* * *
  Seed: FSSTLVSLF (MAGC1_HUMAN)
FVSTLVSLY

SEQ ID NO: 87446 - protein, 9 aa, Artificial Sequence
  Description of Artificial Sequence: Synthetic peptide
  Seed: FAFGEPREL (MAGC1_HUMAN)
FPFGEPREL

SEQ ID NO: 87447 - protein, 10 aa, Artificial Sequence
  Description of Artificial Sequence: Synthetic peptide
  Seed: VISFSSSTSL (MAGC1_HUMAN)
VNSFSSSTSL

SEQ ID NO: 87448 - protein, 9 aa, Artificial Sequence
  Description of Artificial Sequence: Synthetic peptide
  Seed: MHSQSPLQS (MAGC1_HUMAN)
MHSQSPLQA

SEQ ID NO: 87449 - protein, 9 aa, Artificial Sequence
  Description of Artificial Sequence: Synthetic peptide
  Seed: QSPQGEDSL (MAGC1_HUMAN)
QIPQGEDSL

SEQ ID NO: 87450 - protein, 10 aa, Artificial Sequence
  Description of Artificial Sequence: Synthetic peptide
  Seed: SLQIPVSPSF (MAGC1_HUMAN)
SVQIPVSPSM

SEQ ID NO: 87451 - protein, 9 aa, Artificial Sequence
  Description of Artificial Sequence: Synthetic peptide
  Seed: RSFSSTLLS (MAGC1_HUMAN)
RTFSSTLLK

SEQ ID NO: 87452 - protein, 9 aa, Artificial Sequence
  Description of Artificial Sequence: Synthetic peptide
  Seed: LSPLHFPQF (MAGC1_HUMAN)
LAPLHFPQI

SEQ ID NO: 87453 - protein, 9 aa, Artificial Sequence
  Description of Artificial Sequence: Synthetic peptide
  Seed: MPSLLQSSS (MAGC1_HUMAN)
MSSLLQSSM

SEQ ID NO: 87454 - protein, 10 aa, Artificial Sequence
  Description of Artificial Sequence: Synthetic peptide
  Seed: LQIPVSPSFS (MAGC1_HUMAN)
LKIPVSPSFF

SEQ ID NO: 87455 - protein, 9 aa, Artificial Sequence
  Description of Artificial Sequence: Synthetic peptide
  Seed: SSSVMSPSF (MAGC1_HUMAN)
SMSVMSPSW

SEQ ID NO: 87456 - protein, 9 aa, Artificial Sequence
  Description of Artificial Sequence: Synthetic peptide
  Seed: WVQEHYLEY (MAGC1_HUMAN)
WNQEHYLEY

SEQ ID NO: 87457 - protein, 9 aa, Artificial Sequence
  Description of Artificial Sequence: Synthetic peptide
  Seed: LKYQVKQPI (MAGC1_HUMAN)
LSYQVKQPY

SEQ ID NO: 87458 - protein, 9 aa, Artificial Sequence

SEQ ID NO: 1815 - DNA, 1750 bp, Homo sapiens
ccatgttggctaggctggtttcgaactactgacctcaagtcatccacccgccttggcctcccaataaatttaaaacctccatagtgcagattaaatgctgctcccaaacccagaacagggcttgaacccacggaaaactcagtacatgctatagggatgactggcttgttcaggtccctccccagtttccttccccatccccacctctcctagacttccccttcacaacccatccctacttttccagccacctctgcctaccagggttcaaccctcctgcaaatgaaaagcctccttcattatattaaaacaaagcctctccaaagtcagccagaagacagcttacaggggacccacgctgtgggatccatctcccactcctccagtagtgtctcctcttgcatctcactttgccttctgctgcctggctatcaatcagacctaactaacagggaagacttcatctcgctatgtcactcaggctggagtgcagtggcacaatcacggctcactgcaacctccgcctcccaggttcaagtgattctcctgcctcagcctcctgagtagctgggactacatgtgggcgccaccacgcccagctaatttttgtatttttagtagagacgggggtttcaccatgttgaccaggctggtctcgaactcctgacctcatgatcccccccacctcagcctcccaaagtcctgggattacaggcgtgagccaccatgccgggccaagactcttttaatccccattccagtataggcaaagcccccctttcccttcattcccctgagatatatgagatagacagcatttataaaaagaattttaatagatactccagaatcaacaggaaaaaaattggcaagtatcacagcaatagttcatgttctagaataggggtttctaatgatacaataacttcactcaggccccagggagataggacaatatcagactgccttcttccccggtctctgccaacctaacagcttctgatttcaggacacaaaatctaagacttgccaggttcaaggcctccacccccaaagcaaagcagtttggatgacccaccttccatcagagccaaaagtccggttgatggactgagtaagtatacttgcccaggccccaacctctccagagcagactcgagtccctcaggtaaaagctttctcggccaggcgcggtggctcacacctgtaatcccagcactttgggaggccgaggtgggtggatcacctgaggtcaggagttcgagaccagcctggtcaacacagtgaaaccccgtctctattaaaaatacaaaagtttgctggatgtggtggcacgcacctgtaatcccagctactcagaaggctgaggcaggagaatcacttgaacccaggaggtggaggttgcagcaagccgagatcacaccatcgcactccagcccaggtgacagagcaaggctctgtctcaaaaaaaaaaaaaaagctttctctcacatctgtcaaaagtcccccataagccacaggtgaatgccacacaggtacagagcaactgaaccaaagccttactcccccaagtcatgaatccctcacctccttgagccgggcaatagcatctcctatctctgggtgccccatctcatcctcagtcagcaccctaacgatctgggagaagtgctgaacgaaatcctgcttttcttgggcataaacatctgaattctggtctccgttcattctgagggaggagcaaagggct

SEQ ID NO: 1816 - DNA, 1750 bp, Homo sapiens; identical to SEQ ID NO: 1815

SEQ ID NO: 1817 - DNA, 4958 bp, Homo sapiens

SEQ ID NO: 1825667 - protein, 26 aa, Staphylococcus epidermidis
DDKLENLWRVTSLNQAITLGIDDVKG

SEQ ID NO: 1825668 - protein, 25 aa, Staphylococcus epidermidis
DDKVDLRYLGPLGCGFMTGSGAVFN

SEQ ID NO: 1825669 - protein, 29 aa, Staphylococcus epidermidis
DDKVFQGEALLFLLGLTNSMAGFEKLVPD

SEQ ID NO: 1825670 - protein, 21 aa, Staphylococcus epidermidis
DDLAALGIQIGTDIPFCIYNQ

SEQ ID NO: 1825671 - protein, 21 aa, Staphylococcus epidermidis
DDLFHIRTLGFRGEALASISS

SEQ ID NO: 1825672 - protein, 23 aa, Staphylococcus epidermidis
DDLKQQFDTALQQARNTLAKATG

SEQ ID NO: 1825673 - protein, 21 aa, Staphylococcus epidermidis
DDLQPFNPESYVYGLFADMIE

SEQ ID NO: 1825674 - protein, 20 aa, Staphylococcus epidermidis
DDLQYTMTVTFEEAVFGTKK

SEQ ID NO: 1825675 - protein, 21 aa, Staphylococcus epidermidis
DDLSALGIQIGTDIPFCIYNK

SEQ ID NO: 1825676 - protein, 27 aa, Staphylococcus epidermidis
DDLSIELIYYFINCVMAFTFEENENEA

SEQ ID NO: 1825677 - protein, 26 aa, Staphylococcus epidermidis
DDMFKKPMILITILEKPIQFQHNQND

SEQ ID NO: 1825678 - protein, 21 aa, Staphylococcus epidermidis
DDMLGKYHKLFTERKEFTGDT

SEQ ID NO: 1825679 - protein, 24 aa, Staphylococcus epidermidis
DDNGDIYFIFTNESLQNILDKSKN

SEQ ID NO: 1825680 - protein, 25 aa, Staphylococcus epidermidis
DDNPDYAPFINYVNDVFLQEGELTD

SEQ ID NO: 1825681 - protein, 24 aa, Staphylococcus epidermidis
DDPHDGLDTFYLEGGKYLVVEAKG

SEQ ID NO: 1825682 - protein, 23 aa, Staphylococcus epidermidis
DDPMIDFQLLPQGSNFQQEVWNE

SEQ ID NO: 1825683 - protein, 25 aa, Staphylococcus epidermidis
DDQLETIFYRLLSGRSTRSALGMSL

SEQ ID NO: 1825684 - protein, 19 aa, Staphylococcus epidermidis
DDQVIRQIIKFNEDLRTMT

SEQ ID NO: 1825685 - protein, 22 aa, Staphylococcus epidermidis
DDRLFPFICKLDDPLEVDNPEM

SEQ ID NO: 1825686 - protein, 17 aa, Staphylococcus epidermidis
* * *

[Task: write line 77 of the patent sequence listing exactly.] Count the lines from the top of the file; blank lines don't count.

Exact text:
DDMFKKPMILITILEKPIQFQHNQND